by Syd Coppersmith
If you’ve been looking through the senior project lists I’ve posted to date on my blog, you’ll start to see some strong trends in the kinds of projects students choose. Robots are mighty popular. Medical and energy applications are also at the top of the list.
But I want to call your attention to another kind of project, one that allows you to think big: proof-of-concept projects. There are several on this list. A robot that traverses a miniature maze to put out a candle (#2) is not useful in itself, but it can serve as powerful proof-of-concept for an autonomous firefighting robot. Similarly, a telemetry system that locates turtles in a small enclosed field (#5) doesn’t have a lot of application in and of itself (unless there are a lot more small fields chock full of turtles than I’m aware of), but it can serve as the basis for a wildlife tracking system for endangered species.
So while you’ve only got a few people on your senior project design team and a very limited amount of time in which to design and create your project—usually only a semester—don’t let that stop you from tackling the big issues. Think big. . .then shrink it down to something manageable.
1. Build a prototype robotic limb built of replaceable single axis nodes capable of finding and touching a visual target up to 16" from the base of the limb.
2. Autonomous firefighting robot that will traverse a miniature maze/house and put out a candle
3. Design a tire pressure monitoring system including a wireless sensor system and a way to feed the gathered data to a PC for processing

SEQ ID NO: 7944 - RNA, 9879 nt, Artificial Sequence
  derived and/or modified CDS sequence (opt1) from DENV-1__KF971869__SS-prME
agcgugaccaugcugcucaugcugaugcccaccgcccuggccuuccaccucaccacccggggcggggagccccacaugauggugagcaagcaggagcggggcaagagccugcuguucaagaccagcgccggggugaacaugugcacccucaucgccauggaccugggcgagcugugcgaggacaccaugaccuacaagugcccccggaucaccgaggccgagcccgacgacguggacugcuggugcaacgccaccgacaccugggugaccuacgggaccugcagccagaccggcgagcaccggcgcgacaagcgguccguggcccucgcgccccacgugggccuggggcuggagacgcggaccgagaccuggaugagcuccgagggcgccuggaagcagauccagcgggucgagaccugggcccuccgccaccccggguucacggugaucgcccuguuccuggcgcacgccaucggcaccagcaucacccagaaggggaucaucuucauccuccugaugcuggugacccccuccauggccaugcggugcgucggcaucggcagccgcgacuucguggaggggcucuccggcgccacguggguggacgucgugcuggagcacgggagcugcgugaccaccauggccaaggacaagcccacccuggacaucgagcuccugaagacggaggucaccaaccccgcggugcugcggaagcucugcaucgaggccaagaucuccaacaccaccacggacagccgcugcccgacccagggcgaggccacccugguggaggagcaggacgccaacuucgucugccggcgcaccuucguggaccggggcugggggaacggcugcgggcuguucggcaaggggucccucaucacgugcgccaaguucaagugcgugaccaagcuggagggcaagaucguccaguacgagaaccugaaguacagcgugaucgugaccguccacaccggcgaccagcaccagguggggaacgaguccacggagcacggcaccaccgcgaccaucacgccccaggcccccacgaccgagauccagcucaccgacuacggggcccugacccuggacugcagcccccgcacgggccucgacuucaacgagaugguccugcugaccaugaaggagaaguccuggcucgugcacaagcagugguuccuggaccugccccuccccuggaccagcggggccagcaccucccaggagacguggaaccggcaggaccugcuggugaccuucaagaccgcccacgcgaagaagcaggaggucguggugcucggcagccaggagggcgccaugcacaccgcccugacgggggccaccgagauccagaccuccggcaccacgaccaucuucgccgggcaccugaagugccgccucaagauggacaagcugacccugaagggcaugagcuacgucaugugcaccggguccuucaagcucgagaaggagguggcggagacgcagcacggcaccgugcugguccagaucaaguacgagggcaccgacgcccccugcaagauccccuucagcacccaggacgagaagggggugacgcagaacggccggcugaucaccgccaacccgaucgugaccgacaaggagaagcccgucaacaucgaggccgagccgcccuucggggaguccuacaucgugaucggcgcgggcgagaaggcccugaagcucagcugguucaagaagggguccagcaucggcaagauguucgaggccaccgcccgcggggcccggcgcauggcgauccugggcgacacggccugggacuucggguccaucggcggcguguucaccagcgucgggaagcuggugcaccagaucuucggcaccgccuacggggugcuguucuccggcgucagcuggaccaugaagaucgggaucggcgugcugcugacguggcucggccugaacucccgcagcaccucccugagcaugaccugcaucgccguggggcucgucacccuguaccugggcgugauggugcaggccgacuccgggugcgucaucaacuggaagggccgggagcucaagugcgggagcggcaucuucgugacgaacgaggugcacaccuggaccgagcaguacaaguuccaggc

4. Design a biomedical telemetry system to send medical information, such as pulse, blood pressure, etc., from a battery-operated system worn by a patient to a central hub for processing and display.
5. Turtle locator--a telemetry system to aid in the location of turtles in a small enclosed field. A battery-powered, weatherproof receiver is placed on the turtles and produces an audible beep in response to a transmitted signal.
6. Design and build a digital thermostat.
7. Design a grid-connected energy storage system to be used for load peak-shaving applications for power utilities.
8. Using a wireless sensor network, design a wireless border to monitor the Texas/Mexico border.
Need an A/D converter for your project? Or a D/A? Here are two good general-purpose devices that work well in a wide variety of projects:
· THS1206M: 12-bit, 6-MSPS A/D converter, quad-channel, integrated 16x FIFO, channel autoscan, low power
· DAC8554:16-bit, quad channel, ultra-low glitch, voltage output D/A converter
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